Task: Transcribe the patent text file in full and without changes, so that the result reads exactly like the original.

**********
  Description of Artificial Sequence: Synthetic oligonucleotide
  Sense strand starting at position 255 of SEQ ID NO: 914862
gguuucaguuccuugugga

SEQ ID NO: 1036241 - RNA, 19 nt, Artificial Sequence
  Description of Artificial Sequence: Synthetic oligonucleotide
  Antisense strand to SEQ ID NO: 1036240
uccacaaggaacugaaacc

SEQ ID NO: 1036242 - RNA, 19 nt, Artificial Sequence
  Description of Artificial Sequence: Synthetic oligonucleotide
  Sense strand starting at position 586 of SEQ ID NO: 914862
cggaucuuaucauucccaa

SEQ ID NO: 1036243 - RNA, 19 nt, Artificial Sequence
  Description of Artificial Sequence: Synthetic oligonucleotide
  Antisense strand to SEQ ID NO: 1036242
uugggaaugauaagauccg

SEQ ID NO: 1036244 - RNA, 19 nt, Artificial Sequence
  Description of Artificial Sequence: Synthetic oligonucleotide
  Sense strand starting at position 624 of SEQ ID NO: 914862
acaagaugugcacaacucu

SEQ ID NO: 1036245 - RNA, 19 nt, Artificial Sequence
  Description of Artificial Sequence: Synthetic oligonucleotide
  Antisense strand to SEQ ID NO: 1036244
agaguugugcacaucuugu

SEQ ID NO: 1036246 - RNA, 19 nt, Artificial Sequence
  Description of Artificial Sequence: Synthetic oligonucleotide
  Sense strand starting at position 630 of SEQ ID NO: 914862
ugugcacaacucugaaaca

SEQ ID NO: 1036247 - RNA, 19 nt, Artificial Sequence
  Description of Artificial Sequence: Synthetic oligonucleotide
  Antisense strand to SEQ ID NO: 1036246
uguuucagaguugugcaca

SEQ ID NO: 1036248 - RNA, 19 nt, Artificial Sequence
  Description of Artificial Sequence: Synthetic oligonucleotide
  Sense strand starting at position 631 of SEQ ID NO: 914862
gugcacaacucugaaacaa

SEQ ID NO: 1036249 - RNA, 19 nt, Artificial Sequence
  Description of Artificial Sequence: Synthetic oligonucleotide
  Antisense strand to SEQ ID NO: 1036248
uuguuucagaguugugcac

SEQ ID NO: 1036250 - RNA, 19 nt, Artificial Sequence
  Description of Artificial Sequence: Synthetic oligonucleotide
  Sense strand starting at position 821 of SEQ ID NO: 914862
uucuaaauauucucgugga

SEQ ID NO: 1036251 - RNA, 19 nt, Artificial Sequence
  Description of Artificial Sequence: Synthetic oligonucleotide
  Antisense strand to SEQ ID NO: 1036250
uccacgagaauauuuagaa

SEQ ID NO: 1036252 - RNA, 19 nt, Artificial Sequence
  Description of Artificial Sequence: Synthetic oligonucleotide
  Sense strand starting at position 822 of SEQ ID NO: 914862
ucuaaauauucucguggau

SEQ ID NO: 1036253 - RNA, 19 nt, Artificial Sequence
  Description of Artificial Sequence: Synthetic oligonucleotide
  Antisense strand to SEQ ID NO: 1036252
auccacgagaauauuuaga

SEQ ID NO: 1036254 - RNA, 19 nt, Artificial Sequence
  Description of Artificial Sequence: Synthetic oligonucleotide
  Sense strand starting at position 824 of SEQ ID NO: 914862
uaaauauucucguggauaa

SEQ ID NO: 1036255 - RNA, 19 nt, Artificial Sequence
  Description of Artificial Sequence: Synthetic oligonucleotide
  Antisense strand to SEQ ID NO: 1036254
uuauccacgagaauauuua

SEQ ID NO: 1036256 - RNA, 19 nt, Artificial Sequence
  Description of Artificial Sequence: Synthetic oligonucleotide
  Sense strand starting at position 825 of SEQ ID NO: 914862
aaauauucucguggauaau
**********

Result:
  Description of Artificial Sequence: Synthetic oligonucleotide
  Sense strand starting at position 255 of SEQ ID NO: 914862
gguuucaguuccuugugga

SEQ ID NO: 1036241 - RNA, 19 nt, Artificial Sequence
  Description of Artificial Sequence: Synthetic oligonucleotide
  Antisense strand to SEQ ID NO: 1036240
uccacaaggaacugaaacc

SEQ ID NO: 1036242 - RNA, 19 nt, Artificial Sequence
  Description of Artificial Sequence: Synthetic oligonucleotide
  Sense strand starting at position 586 of SEQ ID NO: 914862
cggaucuuaucauucccaa

SEQ ID NO: 1036243 - RNA, 19 nt, Artificial Sequence
  Description of Artificial Sequence: Synthetic oligonucleotide
  Antisense strand to SEQ ID NO: 1036242
uugggaaugauaagauccg

SEQ ID NO: 1036244 - RNA, 19 nt, Artificial Sequence
  Description of Artificial Sequence: Synthetic oligonucleotide
  Sense strand starting at position 624 of SEQ ID NO: 914862
acaagaugugcacaacucu

SEQ ID NO: 1036245 - RNA, 19 nt, Artificial Sequence
  Description of Artificial Sequence: Synthetic oligonucleotide
  Antisense strand to SEQ ID NO: 1036244
agaguugugcacaucuugu

SEQ ID NO: 1036246 - RNA, 19 nt, Artificial Sequence
  Description of Artificial Sequence: Synthetic oligonucleotide
  Sense strand starting at position 630 of SEQ ID NO: 914862
ugugcacaacucugaaaca

SEQ ID NO: 1036247 - RNA, 19 nt, Artificial Sequence
  Description of Artificial Sequence: Synthetic oligonucleotide
  Antisense strand to SEQ ID NO: 1036246
uguuucagaguugugcaca

SEQ ID NO: 1036248 - RNA, 19 nt, Artificial Sequence
  Description of Artificial Sequence: Synthetic oligonucleotide
  Sense strand starting at position 631 of SEQ ID NO: 914862
gugcacaacucugaaacaa

SEQ ID NO: 1036249 - RNA, 19 nt, Artificial Sequence
  Description of Artificial Sequence: Synthetic oligonucleotide
  Antisense strand to SEQ ID NO: 1036248
uuguuucagaguugugcac

SEQ ID NO: 1036250 - RNA, 19 nt, Artificial Sequence
  Description of Artificial Sequence: Synthetic oligonucleotide
  Sense strand starting at position 821 of SEQ ID NO: 914862
uucuaaauauucucgugga

SEQ ID NO: 1036251 - RNA, 19 nt, Artificial Sequence
  Description of Artificial Sequence: Synthetic oligonucleotide
  Antisense strand to SEQ ID NO: 1036250
uccacgagaauauuuagaa

SEQ ID NO: 1036252 - RNA, 19 nt, Artificial Sequence
  Description of Artificial Sequence: Synthetic oligonucleotide
  Sense strand starting at position 822 of SEQ ID NO: 914862
ucuaaauauucucguggau

SEQ ID NO: 1036253 - RNA, 19 nt, Artificial Sequence
  Description of Artificial Sequence: Synthetic oligonucleotide
  Antisense strand to SEQ ID NO: 1036252
auccacgagaauauuuaga

SEQ ID NO: 1036254 - RNA, 19 nt, Artificial Sequence
  Description of Artificial Sequence: Synthetic oligonucleotide
  Sense strand starting at position 824 of SEQ ID NO: 914862
uaaauauucucguggauaa

SEQ ID NO: 1036255 - RNA, 19 nt, Artificial Sequence
  Description of Artificial Sequence: Synthetic oligonucleotide
  Antisense strand to SEQ ID NO: 1036254
uuauccacgagaauauuua

SEQ ID NO: 1036256 - RNA, 19 nt, Artificial Sequence
  Description of Artificial Sequence: Synthetic oligonucleotide
  Sense strand starting at position 825 of SEQ ID NO: 914862
aaauauucucguggauaau